At our most charitable, we can call the comments naïve.

In the cold light of day, Molly-Mae Hague’s much-criticised remarks on the recent Diary of a CEO YouTube series, when she said that “everyone has the same 24 hours in a day”, smack of a privilege that should spark an overhaul the national curriculum, ensuring every child is taught about societal differences and structures.

Twitter has painted the former Love Island contestant, who is now creative director of clothing brand PrettyLittleThing, as having fallen from the top of the ignorant tree and hit every branch on the way down. In about 100 words, she has been exposed for not understanding class, race, ableism, health, education, wealth and the inevitable postcode lottery that dictates which way our life goes.

I wouldn’t go so far to eviscerate her intention. Hard work gets results, sure. But for anyone outside of the 0.1 per cent who go from zero to hero, great results are built on a solid foundation of society letting you crack on (yes, that is a Love Island pun).

We are but a product of our upbringing and surroundings. So, let’s take a little look at what that involves. There’s a blend of toxic and inconsequential influence bubbling away at the crux, which is causing warped commentary of how success looks and is achieved.

We’re in the era of the #hustle and it spreads like wildfire across social media. Step aside ‘just woke up like this’ posts, it’s now all about stepping out of a Bugatti (still in the rental showroom) and an off-the-cuff snap from the inside of a private jet (which is still on the tarmac). It’s about crypto success, NFT millions and TikTok annotations reducing an entire business empire to a pithy caption.

But it would be very easy to navel-gaze at the Gen Z creators. Look at all us older millennials and Gen Xers who have salivated over LinkedIn posts spouting the virtues of working relentless hours. Corporate back-slapping at its finest. And I am not even going to talk about Gary Vee.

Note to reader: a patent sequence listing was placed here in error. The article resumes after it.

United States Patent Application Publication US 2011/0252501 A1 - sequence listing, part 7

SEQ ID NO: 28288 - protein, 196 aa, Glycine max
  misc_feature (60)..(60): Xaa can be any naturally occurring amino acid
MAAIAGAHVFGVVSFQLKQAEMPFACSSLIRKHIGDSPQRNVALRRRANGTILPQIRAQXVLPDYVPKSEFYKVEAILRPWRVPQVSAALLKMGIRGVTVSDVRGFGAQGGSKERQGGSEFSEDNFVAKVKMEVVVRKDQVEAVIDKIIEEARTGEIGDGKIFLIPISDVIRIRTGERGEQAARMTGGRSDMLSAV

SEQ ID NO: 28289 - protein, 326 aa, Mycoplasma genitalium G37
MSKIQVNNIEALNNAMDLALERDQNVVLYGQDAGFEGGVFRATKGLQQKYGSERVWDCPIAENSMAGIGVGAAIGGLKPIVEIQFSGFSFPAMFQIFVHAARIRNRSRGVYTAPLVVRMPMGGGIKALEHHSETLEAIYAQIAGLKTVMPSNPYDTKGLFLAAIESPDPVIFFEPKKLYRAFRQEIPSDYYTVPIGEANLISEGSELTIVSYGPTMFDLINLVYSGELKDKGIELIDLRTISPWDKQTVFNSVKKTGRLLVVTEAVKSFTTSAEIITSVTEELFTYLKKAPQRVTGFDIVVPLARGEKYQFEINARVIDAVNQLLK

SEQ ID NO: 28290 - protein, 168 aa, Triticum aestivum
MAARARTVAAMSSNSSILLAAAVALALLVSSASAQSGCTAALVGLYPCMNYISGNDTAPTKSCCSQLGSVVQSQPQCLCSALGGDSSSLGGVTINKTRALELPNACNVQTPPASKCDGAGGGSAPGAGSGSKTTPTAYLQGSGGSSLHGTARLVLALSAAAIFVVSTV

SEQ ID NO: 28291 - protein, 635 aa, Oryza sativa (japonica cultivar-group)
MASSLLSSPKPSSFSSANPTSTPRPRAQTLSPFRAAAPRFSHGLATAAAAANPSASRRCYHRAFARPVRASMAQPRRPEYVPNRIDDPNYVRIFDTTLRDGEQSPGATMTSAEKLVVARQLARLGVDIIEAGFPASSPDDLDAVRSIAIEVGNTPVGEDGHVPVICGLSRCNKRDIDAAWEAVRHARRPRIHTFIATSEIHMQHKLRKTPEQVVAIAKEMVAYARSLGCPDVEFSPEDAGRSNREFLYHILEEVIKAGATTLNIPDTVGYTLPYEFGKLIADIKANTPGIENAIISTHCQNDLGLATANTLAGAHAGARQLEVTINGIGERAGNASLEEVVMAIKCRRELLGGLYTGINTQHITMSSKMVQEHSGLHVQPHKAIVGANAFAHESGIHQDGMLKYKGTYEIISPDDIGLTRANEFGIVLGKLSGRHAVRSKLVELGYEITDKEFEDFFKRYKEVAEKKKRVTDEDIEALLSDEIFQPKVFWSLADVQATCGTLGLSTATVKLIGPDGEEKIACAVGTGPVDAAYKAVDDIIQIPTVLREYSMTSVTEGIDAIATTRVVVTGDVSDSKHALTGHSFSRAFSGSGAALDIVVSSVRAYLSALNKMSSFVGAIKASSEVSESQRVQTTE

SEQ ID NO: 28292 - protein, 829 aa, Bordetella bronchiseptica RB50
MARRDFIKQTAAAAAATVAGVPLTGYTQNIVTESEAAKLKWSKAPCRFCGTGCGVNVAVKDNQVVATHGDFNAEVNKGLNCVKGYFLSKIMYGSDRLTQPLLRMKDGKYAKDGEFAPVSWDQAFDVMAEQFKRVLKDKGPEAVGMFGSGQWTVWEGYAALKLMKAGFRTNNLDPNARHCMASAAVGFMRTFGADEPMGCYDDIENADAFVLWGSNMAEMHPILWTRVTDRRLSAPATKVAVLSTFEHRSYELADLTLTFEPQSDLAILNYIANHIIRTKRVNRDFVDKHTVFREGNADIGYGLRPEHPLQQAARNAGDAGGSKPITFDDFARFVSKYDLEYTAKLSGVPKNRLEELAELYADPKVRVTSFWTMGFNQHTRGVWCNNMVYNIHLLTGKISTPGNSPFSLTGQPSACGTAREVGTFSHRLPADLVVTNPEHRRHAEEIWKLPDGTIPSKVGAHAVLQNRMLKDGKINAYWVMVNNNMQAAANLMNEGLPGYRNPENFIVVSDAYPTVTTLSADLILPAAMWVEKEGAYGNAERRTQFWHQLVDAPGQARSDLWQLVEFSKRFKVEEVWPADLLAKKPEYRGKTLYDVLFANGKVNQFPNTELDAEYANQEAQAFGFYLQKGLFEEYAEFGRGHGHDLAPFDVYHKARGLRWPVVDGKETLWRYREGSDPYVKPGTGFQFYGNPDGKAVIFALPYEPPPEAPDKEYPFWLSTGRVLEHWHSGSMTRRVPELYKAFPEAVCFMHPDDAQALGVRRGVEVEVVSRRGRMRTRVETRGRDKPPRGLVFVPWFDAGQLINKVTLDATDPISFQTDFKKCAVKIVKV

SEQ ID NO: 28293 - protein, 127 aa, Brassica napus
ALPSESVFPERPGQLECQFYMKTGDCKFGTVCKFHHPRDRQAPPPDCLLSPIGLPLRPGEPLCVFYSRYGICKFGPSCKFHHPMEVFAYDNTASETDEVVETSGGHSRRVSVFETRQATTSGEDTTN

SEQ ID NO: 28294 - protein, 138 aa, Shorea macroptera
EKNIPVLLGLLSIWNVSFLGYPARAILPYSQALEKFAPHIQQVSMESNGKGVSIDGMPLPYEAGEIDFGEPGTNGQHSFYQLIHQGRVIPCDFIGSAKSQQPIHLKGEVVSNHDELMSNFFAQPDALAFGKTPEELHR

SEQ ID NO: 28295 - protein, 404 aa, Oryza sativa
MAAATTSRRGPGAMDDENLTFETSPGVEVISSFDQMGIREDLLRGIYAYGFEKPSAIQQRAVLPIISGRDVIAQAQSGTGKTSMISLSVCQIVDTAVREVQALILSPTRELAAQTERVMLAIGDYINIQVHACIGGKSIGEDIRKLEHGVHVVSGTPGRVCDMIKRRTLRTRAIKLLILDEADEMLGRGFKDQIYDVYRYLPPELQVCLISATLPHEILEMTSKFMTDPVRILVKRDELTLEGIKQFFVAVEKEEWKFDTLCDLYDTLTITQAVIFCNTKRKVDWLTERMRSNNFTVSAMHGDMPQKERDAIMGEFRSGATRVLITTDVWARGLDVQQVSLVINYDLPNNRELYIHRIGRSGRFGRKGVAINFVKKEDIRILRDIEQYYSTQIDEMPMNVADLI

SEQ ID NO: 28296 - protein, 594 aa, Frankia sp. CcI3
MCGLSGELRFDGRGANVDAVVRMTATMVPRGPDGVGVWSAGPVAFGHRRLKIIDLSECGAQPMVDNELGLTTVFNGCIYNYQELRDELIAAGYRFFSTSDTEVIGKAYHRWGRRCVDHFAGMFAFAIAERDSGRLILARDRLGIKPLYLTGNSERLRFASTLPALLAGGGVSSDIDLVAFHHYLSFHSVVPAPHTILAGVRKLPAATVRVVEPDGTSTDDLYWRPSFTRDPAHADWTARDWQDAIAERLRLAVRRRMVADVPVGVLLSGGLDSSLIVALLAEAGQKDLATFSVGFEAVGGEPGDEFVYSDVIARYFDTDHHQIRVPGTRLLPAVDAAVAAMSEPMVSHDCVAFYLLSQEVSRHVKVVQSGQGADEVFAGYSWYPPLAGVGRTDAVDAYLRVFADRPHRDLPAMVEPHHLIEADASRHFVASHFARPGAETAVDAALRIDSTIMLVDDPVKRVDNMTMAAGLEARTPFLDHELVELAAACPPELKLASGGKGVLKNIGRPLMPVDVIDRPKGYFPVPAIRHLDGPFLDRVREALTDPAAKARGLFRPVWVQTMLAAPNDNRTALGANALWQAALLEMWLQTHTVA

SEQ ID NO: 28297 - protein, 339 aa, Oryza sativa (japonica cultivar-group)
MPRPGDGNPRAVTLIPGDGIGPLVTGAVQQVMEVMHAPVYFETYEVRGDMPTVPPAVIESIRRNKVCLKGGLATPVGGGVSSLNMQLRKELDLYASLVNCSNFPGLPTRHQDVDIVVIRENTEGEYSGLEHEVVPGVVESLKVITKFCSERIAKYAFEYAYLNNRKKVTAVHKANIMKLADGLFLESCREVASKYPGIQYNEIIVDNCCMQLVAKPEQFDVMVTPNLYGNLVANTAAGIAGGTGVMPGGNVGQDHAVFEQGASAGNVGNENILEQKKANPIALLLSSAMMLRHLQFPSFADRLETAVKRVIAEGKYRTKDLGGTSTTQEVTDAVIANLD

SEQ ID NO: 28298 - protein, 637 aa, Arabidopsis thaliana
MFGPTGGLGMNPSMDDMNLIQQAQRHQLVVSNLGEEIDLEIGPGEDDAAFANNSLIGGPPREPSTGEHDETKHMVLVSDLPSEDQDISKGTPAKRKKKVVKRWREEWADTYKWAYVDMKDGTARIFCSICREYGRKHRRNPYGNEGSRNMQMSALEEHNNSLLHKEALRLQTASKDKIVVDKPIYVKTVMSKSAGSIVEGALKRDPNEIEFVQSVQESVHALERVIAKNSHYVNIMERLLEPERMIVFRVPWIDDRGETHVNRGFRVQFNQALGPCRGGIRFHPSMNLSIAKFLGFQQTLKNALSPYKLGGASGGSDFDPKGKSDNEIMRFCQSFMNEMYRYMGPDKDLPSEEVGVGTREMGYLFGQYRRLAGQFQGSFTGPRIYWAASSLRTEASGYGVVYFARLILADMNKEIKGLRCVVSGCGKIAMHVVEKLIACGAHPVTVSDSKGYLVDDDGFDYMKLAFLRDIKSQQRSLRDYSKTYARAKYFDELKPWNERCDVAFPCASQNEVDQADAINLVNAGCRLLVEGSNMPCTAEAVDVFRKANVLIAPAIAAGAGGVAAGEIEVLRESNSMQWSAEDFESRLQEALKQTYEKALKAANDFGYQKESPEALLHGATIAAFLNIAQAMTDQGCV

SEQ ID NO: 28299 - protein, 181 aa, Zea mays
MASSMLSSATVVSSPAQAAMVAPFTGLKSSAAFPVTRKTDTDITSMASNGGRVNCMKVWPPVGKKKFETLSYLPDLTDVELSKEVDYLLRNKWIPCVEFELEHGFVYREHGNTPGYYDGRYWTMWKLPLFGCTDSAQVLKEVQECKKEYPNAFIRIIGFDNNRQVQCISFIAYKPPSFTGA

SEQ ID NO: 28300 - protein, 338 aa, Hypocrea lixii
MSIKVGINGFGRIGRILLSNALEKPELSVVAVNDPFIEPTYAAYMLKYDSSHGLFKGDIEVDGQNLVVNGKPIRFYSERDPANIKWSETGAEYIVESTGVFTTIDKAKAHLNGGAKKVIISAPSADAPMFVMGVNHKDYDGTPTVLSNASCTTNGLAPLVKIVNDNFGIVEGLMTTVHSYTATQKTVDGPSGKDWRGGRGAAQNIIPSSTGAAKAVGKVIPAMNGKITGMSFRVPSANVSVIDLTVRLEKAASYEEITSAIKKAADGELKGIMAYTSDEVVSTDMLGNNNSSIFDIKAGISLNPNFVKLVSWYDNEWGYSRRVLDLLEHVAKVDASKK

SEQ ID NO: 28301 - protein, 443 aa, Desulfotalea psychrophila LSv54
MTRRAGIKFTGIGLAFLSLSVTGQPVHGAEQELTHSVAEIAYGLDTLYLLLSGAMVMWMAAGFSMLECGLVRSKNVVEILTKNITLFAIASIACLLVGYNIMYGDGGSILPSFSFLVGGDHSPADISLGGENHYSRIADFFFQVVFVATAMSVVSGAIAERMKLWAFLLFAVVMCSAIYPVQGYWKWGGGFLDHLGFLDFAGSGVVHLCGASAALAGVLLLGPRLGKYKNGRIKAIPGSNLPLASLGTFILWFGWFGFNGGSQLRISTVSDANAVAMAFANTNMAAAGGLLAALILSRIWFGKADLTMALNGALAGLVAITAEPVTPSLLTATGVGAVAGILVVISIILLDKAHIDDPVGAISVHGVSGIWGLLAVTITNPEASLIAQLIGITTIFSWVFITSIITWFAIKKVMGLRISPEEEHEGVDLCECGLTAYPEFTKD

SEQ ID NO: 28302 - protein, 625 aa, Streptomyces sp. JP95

Piers Morgan has openly mocked Love Island stars, asking them: “Do you know Pythagoras’ theorem to the nearest five decimal places?” live on air (note: he got it wrong). No wonder they feel a need to prove themselves.

Frothy and unrealistic social media channels clips are then fused with our innocuous cultural consumption.

At home, we’re watching Real Housewives, Succession and Selling Tampa, shows dripping in gold. Amazon’s best-selling book of 2021? Matt Haig’s The Midnight Library, which is about how one can magically change their life overnight. Music acts Self Esteem and Little Simz have produced critically-acclaimed works that riff off themes of backing yourself.

As Government campaigns scream This Girl Can, we tie up our laces for a trainer brand that tells us to Just Do It.

And as we head out on the commute to make our fortune, we find our way back to where Molle-Mae stumbled, the must-listen podcast of the now: Steven Bartlett’s Diary of a CEO.

As the pandemic rages on, there’s a febrile energy in 2022 about not taking no for an answer, of progress, of optimism, of breaking down barriers that get in the way of us achieving.

Molly-Mae has been off-message and off-brand this week. I hope she gets the calm, considered, thoughtful education she deserves.

You could be excused for thinking she has jumped ship from PrettyLittleThing, as everything points to her being misguided.

Originally published in PR Week